Everyone loves their morning coffee. Some so much that they choose to immortalize it on their skin forever!
There’s a legend that says Ethiopian shepherds first discovered coffee in 800 A.D when they noticed their goats apparently dancing after eating coffee beans. A local monk then made a drink with the bean, which kept him awake all night. Thus, coffee was born!
Here are some coffee facts for you addicts out there. The top three countries that produce coffee are Brazil, Colombia, and Vietnam, with Brazil producing 40% of the worlds coffee.
It is possible to overdose on coffee, but don’t worry, it would take the average person about 100 cups to do so.
Coffee drinkers have a lower risk of Alzheimers disease! Caffeine also has a positive effect on type two diabetes and Parkinson’s. As well as protecting women against skin cancer.
The largest cup of coffee ever was brewed in South Korea in 2014 and was over 3,700 gallons.
Even though the flavour is stronger in a dark roast, they actually have less caffeine than a light roast.
Decaf coffee is not 100% caffeine free.
Coffee is the second post popular beverage in the world, second only to water.
As a tattoo, a grim reaper with a cup of coffee is popular in an American traditional style. Cups of coffee and coffee makers are also popular.
Panthers have been a staple in American traditional tattoos for a long time, but they can also be done in many other styles such as neo traditional, realism, black and grey, and new school.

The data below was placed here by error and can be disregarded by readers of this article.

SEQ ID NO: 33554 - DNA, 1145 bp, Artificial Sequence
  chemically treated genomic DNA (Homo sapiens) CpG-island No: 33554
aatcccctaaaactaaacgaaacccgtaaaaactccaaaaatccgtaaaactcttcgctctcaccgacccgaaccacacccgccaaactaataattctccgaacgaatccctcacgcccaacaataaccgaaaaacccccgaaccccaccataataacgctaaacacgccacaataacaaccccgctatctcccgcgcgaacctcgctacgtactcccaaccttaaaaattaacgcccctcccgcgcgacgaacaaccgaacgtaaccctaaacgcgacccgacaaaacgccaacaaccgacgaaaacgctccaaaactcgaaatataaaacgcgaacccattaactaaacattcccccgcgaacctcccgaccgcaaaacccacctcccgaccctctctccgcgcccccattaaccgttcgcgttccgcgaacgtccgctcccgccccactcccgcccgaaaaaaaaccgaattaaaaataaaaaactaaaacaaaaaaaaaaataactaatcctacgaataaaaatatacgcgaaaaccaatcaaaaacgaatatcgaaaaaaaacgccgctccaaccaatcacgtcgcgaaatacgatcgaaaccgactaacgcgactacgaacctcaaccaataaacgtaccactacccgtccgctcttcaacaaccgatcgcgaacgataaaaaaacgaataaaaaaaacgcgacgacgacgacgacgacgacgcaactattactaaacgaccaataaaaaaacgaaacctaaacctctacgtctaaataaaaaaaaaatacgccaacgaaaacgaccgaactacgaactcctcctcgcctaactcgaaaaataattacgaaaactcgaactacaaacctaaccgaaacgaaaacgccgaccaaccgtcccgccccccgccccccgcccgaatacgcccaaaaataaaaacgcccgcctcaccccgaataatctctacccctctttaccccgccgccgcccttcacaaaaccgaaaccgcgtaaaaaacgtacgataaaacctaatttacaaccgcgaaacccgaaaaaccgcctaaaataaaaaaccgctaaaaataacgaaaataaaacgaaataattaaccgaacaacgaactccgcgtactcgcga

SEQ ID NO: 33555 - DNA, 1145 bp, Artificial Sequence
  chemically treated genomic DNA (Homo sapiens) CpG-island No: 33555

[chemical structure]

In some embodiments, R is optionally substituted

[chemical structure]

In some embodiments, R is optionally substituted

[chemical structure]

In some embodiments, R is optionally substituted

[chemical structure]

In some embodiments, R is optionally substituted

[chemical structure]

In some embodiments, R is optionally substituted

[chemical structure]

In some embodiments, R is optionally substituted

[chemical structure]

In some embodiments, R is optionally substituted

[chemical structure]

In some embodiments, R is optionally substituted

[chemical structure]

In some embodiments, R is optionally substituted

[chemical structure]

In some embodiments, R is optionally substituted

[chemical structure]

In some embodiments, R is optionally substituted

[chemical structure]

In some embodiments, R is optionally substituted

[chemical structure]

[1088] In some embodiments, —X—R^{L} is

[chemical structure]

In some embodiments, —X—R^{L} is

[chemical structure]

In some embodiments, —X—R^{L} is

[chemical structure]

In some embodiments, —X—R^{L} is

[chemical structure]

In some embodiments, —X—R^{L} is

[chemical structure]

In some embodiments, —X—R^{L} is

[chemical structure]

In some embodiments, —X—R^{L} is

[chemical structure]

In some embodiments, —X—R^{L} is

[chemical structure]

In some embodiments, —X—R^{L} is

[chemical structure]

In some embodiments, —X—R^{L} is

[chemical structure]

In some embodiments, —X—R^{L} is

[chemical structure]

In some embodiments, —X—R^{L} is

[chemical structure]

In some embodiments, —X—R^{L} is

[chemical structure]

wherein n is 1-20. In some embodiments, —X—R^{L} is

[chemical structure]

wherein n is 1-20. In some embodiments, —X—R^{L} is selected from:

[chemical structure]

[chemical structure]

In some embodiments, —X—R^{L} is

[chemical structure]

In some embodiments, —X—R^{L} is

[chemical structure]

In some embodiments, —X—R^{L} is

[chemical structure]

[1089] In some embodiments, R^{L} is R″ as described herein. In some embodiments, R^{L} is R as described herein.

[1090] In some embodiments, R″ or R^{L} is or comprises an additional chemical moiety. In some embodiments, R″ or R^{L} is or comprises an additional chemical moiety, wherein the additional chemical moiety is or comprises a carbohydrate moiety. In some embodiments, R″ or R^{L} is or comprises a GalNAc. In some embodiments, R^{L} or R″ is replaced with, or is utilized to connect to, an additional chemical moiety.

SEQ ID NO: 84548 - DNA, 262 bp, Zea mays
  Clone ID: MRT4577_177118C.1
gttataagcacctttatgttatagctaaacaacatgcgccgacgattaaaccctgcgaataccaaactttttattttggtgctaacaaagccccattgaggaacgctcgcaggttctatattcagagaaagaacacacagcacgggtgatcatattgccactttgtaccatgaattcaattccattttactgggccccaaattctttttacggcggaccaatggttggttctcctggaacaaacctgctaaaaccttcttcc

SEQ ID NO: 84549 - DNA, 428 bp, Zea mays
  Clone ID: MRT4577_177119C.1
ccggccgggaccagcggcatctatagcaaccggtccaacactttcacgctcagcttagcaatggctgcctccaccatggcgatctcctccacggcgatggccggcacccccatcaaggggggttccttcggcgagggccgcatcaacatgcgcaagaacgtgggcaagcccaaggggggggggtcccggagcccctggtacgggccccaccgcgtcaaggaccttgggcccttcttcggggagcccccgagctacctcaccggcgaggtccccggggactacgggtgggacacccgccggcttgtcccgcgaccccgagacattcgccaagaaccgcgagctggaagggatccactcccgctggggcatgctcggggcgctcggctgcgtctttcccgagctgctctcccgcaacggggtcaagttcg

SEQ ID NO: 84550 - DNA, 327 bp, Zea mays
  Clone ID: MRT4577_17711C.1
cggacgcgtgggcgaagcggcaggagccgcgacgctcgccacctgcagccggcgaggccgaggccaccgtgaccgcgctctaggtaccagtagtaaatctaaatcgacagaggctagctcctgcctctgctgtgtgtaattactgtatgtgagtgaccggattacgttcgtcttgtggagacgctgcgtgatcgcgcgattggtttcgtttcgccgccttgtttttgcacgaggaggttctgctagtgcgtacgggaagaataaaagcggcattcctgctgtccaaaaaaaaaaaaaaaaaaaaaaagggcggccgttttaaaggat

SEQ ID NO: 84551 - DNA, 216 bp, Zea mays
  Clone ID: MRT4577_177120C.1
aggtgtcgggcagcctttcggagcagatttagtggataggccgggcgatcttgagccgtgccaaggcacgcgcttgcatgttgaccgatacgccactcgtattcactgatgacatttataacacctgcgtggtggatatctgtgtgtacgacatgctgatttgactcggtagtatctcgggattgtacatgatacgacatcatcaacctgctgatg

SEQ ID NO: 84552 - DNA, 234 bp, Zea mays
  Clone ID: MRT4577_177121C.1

Panthers are powerful animals, and make for a powerful tattoo. They can represent, power, strength, honor, wisdom, and beauty.
Panthers were most popular with sailors and prison inmates, up until the Vietnam war when they became popular with soldiers as well. Now they are more popular than ever as American traditional designs are still going strong.
The werewolf myth dates back thousands of years, in numerous cultures; but it became most popular between the 16th and 19th centuries. These stories grew so popular that it seemed almost every town in Europe had its own werewolf tale. Books such as Discours de la Lycanthropie published in 1599, described werewolves as “men so denatured, that they have made bastards of their first origin, leaving this divine form, and transforming themselves into such an impure, cruel and savage beast.”